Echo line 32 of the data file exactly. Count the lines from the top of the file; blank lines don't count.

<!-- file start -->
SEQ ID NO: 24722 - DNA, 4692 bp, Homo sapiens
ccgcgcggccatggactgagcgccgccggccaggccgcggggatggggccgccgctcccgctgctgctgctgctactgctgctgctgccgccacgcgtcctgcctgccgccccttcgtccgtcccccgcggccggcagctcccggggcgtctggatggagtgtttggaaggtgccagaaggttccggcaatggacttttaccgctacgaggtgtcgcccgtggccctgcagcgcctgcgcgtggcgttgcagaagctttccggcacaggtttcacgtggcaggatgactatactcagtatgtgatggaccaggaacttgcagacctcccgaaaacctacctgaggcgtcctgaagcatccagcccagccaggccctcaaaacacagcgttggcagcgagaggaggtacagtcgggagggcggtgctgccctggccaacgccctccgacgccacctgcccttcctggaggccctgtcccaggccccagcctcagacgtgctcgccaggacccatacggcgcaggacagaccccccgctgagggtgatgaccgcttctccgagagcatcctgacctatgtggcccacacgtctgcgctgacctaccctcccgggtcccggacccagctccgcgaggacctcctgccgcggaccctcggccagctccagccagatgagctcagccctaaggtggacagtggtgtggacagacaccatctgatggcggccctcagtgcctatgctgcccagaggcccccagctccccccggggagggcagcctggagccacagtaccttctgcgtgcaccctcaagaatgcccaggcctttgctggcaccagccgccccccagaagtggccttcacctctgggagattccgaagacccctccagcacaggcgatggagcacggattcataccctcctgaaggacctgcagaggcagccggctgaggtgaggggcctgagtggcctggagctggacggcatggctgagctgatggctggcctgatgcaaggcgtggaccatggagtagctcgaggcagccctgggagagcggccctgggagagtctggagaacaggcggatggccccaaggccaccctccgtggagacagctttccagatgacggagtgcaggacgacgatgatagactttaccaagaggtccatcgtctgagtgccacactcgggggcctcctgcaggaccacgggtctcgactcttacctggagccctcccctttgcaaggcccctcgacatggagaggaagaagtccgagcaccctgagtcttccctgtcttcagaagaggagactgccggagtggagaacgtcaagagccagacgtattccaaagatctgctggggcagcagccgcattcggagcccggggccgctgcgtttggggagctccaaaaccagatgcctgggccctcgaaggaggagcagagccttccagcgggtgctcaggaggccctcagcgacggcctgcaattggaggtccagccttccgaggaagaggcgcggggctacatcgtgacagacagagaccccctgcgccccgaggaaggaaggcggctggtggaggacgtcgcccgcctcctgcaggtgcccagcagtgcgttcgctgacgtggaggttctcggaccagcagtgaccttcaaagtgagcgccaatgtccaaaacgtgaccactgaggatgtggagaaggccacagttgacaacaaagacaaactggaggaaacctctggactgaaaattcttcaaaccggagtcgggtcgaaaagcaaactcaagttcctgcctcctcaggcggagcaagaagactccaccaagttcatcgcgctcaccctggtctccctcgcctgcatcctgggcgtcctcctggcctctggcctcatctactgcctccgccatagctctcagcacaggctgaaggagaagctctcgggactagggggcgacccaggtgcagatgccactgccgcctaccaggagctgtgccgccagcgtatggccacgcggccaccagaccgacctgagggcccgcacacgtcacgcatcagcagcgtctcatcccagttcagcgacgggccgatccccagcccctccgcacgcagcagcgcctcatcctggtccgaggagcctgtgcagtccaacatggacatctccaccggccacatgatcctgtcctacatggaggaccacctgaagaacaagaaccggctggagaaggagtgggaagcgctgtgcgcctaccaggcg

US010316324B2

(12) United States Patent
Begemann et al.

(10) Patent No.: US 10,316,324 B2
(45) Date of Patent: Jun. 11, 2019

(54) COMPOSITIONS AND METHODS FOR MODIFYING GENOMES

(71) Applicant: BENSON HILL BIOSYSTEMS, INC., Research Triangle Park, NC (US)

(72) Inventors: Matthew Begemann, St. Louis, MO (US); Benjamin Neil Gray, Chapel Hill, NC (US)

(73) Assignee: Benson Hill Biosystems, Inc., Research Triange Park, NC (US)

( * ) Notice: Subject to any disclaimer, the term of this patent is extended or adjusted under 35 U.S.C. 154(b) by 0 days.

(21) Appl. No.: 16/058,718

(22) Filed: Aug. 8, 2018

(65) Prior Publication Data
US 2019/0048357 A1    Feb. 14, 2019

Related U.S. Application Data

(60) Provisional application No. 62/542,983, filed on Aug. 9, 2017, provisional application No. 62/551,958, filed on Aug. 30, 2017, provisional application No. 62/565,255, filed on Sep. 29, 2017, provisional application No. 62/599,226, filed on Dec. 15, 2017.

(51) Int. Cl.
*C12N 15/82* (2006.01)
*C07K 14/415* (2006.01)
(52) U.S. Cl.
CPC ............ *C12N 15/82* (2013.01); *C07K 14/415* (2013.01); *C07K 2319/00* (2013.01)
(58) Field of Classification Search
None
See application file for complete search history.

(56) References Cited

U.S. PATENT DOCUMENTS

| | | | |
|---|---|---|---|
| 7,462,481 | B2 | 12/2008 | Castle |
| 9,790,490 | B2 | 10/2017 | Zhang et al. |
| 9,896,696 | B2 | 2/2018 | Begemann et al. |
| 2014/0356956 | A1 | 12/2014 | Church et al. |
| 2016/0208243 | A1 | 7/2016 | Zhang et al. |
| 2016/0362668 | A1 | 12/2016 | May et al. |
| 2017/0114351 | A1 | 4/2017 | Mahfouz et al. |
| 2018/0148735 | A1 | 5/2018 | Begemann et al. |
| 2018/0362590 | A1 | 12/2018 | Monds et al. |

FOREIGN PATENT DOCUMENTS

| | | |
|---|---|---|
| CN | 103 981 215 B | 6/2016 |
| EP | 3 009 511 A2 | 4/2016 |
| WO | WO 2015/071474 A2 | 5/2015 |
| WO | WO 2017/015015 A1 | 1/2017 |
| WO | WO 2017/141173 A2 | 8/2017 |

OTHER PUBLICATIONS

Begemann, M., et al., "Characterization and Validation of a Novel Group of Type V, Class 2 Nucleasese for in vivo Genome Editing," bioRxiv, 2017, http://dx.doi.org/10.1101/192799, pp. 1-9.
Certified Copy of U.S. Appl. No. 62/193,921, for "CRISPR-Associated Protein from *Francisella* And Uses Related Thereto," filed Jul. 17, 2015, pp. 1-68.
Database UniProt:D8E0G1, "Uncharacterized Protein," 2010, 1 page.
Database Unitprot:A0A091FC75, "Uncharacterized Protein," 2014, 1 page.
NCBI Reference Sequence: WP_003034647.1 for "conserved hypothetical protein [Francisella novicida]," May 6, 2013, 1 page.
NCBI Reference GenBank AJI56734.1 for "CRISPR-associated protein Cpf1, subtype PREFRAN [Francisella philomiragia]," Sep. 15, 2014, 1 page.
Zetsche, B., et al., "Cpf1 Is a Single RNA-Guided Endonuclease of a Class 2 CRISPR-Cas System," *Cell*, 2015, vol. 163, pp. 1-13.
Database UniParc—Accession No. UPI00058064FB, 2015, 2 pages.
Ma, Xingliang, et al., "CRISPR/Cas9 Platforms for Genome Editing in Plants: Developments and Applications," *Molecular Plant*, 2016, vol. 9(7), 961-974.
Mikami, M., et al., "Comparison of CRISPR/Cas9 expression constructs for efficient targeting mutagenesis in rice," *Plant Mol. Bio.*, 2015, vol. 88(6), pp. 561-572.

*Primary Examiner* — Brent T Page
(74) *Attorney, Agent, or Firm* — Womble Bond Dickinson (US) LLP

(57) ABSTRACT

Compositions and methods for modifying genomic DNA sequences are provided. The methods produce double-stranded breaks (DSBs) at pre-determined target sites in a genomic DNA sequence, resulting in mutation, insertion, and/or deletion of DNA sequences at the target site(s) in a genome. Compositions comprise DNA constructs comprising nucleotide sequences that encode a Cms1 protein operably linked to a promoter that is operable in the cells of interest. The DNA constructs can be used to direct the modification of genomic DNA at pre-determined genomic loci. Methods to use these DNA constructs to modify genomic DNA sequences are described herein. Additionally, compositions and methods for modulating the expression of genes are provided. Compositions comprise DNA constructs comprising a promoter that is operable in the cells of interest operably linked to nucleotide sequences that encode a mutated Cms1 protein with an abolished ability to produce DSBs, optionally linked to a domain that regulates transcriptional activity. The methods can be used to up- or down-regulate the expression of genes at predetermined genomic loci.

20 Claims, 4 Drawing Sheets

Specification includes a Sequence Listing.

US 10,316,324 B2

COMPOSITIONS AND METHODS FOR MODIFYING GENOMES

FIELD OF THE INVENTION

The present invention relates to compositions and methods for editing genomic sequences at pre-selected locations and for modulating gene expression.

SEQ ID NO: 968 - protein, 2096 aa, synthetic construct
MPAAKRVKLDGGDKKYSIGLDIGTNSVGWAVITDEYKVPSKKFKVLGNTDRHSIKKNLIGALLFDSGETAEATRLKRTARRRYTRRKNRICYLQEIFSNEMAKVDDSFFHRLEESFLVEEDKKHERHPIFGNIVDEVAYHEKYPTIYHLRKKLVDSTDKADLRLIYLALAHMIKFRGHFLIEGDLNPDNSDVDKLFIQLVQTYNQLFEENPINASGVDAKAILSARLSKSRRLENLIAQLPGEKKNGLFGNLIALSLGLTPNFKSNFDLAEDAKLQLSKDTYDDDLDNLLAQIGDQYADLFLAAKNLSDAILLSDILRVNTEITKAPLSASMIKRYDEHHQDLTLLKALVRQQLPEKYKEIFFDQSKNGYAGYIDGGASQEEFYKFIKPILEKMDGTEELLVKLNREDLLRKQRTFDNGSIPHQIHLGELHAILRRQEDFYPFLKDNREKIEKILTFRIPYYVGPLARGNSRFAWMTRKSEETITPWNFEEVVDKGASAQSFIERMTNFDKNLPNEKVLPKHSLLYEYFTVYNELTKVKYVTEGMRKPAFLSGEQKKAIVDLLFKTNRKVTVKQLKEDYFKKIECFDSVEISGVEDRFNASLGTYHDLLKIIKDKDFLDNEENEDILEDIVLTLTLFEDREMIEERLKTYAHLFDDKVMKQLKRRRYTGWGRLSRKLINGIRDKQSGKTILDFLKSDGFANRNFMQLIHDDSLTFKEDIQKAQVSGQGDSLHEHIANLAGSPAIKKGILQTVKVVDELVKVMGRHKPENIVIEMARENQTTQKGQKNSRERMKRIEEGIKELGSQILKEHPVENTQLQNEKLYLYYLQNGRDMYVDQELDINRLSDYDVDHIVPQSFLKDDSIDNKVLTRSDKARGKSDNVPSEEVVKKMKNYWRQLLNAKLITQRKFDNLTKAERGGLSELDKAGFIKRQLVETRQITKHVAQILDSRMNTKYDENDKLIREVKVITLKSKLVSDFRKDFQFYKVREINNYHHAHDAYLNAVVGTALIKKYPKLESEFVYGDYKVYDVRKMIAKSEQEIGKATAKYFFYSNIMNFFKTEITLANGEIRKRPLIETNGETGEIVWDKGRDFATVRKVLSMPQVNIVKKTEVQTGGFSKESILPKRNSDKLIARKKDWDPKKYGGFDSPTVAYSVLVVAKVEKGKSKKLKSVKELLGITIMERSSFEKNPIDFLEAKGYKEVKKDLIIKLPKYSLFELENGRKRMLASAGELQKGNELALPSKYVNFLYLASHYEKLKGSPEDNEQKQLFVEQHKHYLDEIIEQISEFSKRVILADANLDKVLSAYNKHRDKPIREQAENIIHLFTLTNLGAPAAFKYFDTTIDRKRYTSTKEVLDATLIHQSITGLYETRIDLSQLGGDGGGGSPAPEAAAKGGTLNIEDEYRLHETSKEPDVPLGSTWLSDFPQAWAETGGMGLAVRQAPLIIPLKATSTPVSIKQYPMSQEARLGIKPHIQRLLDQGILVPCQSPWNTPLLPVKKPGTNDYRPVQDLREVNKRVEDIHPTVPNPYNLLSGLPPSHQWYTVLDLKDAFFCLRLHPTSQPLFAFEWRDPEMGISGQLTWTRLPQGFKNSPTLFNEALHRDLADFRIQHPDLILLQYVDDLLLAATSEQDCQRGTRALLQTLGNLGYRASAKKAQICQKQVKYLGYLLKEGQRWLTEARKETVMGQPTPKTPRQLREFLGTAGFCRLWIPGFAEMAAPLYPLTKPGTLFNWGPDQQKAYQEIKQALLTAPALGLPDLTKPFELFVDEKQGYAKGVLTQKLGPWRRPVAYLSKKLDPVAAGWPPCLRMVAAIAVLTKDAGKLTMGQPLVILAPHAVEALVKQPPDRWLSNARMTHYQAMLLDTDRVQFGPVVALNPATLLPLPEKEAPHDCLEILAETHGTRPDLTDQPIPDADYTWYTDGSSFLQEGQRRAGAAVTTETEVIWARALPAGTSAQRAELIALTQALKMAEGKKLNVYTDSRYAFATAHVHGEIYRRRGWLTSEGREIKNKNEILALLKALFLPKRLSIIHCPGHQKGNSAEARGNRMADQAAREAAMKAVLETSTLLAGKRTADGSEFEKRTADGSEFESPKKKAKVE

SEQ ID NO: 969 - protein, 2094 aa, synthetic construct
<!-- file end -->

| 9,790,490 | B2 | 10/2017 | Zhang et al. |